Labour: All secondary pupils will have left by the time catch-up target is met

Labour analysis suggests the national tutoring programme will miss its three-year target.

Prime Minister Boris Johnson with pupils at a school (PA)
Prime Minister Boris Johnson with pupils at a school (PA)

Labour has criticised the Government over the pace of its education recovery package, saying that by the time its targets on tutoring are met, all current secondary pupils will have left school.

The party said its analysis of figures on take-up of the Government’s flagship national tutoring programme (NTP) show that whilst Prime Minister Boris Johnson pledged that pupils would receive 100 million hours of tutoring within three years, this target would not be met for five and a half years, when current secondary pupils will have left school.

The party’s analysis of the figures showed that in the 2021/22 academic year, where 1,197,332 tuition courses of 15 hours had been started, this equated to 17,959,980 hours this year, meaning that at current rates the 100 million hours target will be met in more than five years.

The Conservatives have ducked this generational challenge, leaving children, parents and teachers to pick up the pieces once again

Stephen Morgan, shadow schools minister

Shadow schools minister Stephen Morgan said: “This Government’s farcical failure to help children recover lost learning threatens to limit their opportunities for decades to come.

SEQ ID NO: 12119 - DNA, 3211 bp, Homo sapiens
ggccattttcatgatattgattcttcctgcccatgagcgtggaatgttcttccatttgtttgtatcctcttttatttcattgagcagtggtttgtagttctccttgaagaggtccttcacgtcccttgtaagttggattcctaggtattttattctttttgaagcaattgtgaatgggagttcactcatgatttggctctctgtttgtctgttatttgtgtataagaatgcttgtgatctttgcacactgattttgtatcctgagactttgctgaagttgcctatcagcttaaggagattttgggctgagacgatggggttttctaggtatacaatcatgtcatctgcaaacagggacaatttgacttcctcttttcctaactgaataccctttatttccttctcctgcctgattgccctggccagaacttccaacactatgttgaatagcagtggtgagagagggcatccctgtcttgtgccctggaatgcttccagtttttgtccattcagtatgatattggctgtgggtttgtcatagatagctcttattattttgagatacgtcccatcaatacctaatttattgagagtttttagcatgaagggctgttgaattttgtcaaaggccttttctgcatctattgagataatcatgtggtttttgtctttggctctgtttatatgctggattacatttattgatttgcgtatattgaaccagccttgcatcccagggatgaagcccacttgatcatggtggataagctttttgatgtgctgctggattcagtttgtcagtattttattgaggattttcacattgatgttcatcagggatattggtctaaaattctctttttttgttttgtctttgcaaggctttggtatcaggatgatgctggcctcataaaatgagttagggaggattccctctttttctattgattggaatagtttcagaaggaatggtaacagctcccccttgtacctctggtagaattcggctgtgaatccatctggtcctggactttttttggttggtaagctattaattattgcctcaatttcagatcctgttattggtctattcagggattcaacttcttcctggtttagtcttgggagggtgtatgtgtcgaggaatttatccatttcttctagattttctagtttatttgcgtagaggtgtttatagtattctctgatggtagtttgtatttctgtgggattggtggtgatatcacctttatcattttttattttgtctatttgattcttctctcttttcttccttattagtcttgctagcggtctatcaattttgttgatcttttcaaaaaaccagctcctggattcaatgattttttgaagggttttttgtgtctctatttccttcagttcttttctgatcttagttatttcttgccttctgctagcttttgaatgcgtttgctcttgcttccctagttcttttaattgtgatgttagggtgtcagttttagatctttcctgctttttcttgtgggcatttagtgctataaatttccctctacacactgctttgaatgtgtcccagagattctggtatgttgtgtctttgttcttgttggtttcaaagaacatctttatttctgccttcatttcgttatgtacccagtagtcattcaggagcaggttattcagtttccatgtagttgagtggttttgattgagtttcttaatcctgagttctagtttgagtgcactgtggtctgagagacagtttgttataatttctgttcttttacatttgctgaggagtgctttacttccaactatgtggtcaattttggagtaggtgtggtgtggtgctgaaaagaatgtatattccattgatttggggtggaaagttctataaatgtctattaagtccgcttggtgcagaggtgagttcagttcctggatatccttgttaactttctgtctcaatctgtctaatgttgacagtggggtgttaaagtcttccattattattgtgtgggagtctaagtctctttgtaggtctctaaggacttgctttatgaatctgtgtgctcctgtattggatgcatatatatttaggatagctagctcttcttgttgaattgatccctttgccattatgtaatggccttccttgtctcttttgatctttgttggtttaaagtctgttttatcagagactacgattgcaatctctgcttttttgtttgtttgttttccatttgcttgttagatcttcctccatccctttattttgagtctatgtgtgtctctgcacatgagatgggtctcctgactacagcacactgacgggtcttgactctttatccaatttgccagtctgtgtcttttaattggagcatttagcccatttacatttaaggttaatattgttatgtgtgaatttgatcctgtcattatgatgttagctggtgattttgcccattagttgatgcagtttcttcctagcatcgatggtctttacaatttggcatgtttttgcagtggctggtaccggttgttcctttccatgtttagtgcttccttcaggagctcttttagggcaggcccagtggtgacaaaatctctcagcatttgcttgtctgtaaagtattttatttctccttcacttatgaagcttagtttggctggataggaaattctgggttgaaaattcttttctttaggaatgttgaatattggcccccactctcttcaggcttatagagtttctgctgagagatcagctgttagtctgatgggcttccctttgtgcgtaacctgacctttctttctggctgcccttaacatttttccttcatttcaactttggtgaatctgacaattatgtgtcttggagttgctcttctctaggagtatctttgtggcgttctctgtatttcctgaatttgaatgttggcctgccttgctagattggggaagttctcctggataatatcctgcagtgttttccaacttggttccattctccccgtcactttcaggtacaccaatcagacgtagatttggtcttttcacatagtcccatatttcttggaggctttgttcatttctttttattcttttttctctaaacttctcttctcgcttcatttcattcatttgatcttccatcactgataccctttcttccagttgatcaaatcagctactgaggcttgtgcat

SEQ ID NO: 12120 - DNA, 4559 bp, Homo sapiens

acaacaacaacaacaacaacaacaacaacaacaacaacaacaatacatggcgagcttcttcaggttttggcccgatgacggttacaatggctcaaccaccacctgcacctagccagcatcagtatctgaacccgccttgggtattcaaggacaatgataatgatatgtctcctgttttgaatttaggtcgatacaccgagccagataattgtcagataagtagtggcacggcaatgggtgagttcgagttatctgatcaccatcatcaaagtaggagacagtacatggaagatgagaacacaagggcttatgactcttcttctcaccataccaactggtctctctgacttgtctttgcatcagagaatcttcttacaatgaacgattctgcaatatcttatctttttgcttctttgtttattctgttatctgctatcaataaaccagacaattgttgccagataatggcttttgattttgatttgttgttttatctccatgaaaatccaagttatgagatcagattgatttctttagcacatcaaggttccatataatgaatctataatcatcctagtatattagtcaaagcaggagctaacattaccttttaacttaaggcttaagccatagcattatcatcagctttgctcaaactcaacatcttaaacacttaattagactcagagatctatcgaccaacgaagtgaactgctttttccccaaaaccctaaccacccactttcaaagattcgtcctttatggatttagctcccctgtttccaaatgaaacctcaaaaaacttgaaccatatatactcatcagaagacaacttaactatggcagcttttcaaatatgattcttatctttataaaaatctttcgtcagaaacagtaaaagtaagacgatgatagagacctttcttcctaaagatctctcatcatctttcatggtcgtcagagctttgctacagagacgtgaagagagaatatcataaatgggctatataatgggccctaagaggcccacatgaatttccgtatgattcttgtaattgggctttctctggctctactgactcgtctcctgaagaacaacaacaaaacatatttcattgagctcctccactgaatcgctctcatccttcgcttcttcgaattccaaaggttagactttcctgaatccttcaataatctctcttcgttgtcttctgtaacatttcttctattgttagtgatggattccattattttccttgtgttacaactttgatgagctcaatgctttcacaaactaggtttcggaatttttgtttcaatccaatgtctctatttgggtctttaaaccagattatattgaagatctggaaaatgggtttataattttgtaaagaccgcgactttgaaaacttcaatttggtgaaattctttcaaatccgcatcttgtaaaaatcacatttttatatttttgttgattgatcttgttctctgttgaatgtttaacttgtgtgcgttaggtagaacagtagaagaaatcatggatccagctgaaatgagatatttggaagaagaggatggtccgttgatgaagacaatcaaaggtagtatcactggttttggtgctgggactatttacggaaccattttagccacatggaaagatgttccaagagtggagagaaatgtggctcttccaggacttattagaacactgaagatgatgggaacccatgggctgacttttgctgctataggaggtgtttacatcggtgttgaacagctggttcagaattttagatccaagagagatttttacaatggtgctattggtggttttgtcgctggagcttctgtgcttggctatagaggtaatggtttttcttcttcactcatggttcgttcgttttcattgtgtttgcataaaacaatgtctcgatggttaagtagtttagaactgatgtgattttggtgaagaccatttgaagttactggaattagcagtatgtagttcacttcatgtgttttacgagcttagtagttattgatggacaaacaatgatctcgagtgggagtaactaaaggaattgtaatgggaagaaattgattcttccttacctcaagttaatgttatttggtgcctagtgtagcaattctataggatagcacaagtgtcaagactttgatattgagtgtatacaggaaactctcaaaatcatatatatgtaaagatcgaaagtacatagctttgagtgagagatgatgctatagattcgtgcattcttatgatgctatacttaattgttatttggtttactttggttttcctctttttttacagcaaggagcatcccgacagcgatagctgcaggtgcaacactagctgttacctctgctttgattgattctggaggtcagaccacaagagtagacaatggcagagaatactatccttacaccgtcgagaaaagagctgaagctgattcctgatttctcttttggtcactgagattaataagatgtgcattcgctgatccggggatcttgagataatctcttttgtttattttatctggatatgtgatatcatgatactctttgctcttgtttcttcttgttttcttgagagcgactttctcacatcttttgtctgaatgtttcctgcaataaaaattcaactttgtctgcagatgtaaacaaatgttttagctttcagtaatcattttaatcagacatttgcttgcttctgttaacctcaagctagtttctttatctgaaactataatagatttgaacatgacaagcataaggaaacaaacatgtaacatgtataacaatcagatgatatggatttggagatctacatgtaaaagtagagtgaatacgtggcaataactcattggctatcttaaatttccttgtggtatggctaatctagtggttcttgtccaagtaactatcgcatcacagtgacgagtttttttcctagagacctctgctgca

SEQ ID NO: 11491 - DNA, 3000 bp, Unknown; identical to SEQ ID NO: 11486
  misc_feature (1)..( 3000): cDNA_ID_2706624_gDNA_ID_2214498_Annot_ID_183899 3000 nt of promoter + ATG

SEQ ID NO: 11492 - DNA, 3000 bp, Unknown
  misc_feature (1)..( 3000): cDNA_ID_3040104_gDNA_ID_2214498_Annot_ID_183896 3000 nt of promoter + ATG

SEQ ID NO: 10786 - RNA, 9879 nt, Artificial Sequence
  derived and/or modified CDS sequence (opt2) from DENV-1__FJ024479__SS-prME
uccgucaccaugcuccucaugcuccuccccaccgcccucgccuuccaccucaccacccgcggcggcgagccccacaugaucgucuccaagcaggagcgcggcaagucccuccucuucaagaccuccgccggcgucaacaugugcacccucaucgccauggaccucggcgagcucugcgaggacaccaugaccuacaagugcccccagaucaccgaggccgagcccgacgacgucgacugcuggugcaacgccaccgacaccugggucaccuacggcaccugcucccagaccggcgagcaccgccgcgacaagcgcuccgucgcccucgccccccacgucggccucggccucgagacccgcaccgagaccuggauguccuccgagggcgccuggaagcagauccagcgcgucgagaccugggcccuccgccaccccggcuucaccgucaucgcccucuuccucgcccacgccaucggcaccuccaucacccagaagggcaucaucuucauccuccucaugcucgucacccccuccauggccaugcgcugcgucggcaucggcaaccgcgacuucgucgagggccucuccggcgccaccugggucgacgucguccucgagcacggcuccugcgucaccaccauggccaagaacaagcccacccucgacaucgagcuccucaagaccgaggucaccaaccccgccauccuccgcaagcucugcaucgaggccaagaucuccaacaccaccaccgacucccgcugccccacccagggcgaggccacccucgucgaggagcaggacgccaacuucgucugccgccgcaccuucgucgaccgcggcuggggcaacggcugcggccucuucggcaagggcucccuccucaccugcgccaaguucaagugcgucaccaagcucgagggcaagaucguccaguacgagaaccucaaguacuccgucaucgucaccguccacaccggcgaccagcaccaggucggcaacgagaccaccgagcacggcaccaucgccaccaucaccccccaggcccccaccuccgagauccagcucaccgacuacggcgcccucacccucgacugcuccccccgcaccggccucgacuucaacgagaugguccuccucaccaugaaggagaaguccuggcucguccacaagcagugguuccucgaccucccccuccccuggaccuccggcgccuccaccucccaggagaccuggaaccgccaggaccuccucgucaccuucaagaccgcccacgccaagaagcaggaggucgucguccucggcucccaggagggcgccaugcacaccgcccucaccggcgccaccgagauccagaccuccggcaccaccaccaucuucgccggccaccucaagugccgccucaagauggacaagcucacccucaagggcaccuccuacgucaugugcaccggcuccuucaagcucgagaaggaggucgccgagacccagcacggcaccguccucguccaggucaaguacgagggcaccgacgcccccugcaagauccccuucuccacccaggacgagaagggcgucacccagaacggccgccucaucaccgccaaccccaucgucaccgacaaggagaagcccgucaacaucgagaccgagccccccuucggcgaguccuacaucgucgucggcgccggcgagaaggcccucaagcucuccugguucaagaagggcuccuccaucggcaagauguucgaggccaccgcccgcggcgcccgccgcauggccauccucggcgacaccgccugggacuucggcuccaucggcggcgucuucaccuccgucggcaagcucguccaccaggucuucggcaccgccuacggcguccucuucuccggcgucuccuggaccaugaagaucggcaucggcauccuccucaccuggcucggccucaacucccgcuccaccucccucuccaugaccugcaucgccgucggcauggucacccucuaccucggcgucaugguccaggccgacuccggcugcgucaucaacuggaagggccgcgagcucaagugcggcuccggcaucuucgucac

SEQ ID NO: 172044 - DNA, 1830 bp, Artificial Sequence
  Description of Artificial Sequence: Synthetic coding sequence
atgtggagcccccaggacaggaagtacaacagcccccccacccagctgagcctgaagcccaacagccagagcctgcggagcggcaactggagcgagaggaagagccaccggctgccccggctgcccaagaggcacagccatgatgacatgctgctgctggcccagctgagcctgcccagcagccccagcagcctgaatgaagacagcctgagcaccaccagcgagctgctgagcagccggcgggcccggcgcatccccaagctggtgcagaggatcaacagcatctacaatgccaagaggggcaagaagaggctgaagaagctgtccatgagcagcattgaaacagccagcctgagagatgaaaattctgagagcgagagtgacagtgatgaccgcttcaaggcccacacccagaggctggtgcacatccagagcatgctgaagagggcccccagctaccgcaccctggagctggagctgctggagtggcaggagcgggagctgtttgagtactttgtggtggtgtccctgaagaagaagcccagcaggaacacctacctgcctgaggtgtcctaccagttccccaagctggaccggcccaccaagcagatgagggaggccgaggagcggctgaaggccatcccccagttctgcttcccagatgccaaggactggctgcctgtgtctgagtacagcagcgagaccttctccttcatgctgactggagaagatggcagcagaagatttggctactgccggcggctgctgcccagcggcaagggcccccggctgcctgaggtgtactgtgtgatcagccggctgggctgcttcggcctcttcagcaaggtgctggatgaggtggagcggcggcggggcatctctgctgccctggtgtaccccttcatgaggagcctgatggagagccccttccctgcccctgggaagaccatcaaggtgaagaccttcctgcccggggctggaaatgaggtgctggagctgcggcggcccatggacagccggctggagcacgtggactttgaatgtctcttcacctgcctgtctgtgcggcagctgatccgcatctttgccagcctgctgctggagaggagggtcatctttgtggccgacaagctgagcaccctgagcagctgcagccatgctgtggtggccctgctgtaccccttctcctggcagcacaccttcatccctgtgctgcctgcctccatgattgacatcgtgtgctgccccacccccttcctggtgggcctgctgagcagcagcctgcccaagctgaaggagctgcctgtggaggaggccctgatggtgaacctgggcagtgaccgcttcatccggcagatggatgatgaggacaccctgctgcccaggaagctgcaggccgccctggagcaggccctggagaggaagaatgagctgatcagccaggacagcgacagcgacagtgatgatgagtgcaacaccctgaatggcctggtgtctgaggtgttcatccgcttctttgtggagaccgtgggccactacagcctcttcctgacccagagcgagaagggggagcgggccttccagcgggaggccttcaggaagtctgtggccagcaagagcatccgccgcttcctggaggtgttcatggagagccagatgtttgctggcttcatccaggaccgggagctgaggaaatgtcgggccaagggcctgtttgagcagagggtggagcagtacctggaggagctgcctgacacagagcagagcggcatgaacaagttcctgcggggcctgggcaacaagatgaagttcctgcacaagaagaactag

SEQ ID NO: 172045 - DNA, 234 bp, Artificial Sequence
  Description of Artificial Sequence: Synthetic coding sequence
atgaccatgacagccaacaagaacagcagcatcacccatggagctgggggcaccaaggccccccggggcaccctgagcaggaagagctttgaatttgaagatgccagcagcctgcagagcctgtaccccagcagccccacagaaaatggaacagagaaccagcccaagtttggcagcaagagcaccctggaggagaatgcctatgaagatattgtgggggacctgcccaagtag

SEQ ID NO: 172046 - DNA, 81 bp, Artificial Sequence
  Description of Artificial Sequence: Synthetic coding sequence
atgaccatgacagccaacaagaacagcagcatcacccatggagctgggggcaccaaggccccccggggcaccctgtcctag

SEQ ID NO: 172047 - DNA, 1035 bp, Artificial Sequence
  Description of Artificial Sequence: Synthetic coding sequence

“Millions of children will have left school before the Government delivers the support it promised. The Conservatives have ducked this generational challenge, leaving children, parents and teachers to pick up the pieces once again.

“Labour’s Children’s Recovery Plan would be delivering small group tutoring for all who need it, quality mental health support in every school and new before and afterschool activities for all children after the isolation of lockdowns.

“It’s high time this Government matched Labour’s ambitions for our children’s futures.”

These projections don’t stand up

Department for Education spokesperson

Data published by the Government last week showed that, as of May 8, 165,230 out of 524,000 courses had begun through the NTP tuition partners pillar of the programme overseen by human resources company Randstad, while the academic mentors pillar, also managed by Randstad, had reached 45% of its target.

Randstad has lost the overall contract for next year, with tuition funding going directly to schools through the schools-led tutoring route, where take-up has been much higher.

Critics from schools and tuition providers have said the company’s systems were “dysfunctional”, leading to low uptake across the country.

A Department for Education spokesperson said: “These projections don’t stand up; they are based on an academic year which hasn’t even finished. The national tutoring programme has already delivered 1.5 million tutoring courses, with 1.2 million courses starting in this academic year alone.

“From next year the national tutoring programme will be simplified, with all funding being provided directly to schools, and funding to support education recovery in secondary schools will double.”

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